Mobilization trajectories as a tool to study migration and protest intentions: An illustration from Morocco
Astrid Bodini, Evelyn Ersanilli, Jacquelien van Stekelenburg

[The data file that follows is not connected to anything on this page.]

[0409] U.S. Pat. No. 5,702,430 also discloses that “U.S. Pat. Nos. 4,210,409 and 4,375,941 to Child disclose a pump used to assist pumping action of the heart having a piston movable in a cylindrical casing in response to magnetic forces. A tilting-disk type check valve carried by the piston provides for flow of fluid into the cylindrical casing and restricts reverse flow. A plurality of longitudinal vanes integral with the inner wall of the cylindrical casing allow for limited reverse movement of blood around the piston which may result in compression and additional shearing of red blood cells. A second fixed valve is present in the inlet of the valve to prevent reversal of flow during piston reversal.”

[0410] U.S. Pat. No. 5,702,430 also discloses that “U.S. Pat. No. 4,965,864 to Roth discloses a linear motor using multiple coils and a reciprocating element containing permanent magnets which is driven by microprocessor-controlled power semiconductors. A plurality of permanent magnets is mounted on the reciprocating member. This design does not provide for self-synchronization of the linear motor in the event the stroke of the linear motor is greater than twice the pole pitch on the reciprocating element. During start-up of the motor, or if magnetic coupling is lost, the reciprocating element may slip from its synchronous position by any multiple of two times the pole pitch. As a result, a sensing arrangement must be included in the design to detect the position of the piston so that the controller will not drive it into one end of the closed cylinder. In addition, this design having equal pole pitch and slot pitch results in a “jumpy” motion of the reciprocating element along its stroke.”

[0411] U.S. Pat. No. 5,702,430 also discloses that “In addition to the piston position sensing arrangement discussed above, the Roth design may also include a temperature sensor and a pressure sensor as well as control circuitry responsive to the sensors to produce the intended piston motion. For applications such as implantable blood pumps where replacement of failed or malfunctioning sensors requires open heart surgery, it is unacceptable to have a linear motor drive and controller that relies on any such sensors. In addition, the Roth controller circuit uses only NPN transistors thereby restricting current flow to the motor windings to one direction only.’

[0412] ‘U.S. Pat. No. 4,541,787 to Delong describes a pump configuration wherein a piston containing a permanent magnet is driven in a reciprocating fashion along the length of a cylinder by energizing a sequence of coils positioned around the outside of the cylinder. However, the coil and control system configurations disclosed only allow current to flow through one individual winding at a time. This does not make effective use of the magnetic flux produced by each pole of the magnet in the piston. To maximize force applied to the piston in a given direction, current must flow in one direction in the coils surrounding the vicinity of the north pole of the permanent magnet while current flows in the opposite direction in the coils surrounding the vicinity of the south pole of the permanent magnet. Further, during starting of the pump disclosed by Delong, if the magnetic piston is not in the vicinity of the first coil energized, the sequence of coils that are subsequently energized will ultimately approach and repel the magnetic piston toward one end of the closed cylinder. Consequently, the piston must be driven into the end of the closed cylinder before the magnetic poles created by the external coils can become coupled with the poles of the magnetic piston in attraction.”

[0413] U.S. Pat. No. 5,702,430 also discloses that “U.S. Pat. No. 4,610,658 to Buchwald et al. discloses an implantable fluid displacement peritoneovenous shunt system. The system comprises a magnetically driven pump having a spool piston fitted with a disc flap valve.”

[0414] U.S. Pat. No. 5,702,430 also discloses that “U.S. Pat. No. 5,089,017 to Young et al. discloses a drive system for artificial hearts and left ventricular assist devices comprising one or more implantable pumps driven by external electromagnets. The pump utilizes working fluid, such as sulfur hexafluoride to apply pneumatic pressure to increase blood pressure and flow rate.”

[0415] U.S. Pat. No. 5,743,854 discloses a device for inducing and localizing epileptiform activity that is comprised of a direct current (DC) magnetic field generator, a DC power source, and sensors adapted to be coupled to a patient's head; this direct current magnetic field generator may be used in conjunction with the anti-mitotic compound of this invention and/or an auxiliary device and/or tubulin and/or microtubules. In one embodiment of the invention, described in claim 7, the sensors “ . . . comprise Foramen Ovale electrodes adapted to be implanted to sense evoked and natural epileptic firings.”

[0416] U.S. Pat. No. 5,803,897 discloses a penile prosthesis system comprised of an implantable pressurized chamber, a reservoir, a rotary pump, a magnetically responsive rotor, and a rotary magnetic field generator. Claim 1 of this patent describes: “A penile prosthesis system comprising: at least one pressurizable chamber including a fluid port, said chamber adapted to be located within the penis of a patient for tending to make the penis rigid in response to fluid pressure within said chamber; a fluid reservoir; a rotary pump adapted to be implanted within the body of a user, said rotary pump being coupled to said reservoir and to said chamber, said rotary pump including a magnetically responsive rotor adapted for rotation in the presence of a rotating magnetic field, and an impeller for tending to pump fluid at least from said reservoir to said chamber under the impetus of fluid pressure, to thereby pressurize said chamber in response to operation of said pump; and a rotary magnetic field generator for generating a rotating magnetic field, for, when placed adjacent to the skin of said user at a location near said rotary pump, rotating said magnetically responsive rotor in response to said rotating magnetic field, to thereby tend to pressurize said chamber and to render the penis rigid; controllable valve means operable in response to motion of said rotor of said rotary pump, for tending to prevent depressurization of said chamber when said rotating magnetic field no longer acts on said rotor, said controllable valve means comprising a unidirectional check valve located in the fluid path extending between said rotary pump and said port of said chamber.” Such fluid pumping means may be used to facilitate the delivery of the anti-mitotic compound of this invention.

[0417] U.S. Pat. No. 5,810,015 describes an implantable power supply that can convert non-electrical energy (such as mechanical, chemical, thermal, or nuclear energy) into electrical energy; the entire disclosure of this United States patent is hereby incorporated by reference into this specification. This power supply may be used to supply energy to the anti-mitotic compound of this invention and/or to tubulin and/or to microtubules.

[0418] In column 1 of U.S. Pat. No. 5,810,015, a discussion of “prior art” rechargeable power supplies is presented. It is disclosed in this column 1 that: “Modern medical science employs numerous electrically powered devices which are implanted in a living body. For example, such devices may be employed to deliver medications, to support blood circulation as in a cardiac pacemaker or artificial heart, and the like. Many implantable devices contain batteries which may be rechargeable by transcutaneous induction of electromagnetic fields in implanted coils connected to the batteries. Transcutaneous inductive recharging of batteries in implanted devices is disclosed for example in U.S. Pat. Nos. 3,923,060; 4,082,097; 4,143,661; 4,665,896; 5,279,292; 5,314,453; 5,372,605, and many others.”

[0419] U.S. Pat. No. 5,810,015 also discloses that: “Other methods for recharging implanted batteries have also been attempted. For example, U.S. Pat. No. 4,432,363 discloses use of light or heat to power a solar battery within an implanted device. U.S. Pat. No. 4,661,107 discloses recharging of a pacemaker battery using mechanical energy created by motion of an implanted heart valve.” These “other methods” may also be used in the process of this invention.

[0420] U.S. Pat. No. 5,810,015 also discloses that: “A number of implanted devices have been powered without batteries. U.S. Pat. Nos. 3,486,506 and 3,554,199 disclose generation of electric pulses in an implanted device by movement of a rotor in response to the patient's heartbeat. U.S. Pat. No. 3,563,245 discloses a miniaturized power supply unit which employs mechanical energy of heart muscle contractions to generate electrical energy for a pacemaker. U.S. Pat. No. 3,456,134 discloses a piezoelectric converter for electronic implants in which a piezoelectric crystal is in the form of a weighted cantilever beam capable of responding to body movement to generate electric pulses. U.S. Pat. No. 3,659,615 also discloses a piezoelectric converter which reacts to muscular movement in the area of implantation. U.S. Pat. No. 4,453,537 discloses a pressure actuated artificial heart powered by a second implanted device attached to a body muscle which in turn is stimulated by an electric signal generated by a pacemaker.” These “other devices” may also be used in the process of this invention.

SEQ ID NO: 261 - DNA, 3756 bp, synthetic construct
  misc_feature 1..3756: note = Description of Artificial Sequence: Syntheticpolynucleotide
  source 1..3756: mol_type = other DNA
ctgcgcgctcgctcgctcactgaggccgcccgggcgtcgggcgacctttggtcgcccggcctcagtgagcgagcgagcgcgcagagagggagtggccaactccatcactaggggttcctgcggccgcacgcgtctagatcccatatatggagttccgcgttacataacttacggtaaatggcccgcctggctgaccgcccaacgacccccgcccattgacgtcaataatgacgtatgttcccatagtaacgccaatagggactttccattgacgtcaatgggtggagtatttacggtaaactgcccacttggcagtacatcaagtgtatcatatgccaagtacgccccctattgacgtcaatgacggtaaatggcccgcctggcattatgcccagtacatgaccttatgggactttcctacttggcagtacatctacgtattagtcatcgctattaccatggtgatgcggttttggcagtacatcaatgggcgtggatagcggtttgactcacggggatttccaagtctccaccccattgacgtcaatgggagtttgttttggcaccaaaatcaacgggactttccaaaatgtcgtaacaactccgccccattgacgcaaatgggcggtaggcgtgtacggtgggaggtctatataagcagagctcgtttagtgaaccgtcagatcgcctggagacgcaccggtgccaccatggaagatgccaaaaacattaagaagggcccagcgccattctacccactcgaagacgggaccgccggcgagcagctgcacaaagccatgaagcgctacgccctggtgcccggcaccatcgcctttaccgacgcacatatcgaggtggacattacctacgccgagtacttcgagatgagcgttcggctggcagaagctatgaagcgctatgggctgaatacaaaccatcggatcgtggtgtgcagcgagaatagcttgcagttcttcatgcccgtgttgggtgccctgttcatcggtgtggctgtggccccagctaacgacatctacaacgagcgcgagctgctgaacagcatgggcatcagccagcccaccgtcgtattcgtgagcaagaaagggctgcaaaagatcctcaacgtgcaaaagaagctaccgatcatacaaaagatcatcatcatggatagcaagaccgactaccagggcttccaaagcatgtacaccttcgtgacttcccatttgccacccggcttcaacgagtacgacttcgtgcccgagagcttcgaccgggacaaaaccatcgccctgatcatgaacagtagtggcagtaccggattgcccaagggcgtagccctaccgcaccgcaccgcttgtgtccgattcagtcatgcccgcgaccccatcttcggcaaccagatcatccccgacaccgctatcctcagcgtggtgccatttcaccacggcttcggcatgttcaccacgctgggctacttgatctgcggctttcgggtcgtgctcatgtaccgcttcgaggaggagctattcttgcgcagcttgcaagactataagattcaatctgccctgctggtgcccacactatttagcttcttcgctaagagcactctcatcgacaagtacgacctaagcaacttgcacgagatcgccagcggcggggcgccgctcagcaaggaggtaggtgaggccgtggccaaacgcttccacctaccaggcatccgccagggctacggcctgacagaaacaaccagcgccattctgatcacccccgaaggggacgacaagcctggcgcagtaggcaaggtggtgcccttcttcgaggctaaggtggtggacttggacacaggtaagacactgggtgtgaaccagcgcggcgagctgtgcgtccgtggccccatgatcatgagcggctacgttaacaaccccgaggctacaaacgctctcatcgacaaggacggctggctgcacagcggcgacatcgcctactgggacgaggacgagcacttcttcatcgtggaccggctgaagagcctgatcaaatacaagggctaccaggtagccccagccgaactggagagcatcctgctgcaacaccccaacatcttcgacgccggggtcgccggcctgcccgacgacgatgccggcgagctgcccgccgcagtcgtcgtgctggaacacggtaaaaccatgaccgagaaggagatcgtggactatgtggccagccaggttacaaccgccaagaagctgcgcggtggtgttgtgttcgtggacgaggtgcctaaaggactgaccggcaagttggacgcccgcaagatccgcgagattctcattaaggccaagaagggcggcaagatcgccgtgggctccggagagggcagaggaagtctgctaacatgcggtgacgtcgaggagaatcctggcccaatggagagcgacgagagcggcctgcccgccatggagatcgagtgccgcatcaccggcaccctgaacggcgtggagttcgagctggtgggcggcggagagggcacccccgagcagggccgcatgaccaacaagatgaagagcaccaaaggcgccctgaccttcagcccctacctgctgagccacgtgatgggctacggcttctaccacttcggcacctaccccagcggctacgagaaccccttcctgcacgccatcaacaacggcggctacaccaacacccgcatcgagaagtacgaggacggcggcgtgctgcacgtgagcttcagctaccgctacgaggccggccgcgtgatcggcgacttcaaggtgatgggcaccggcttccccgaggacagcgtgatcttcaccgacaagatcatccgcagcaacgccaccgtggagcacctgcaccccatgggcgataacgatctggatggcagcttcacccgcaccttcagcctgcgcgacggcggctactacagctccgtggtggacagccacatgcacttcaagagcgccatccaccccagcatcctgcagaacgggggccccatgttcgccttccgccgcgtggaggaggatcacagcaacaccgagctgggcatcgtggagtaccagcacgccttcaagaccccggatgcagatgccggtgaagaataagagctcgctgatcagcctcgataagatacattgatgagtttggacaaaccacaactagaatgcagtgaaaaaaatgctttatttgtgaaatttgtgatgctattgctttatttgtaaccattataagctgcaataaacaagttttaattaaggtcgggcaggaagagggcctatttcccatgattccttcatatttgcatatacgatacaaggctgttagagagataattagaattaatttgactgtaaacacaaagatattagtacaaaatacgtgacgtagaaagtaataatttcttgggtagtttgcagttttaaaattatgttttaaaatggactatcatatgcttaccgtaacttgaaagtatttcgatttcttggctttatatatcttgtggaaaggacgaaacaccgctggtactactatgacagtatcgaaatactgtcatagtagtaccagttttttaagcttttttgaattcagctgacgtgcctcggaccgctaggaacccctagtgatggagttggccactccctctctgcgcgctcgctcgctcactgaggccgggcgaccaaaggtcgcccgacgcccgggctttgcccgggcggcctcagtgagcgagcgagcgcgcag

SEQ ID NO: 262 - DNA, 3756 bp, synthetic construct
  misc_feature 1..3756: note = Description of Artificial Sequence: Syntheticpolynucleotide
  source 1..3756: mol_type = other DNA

When dissatisfied with socioeconomic and political conditions, why do some people migrate, others protest, and others do neither? While existing literature shows that migration and protest are both responses to discontent, and that migrants and protesters have similar sociodemographic profiles, the initial choice between these two behaviors and their relationship at the individual level need further investigation. In this conceptual paper we introduce mobilization trajectories, an original analytical conceptual device that allows a combined analysis of migration aspirations and protest intentions as alternative, but not always equally available, strategies that individuals can adopt when dissatisfied with socioeconomic and political conditions. We argue that mobilization trajectories as an analytical tool offers three contributions: it (1) uncovers individuals’ negotiations between multiple possible courses of action and inaction, (2) illuminates how intentions are shaped by changing socioeconomic and political conditions at home and abroad, networks, previous experiences with protest or migration, and gender, and by doing so (3) aids our understanding of why aspirations may or may not lead to actual migration. We illustrate the working of mobilization trajectories as an analytic tool for the combined analysis of migration and protest intentions with vignettes from interviews conducted in 2020 and 2021 with Moroccan youth aged 18-35.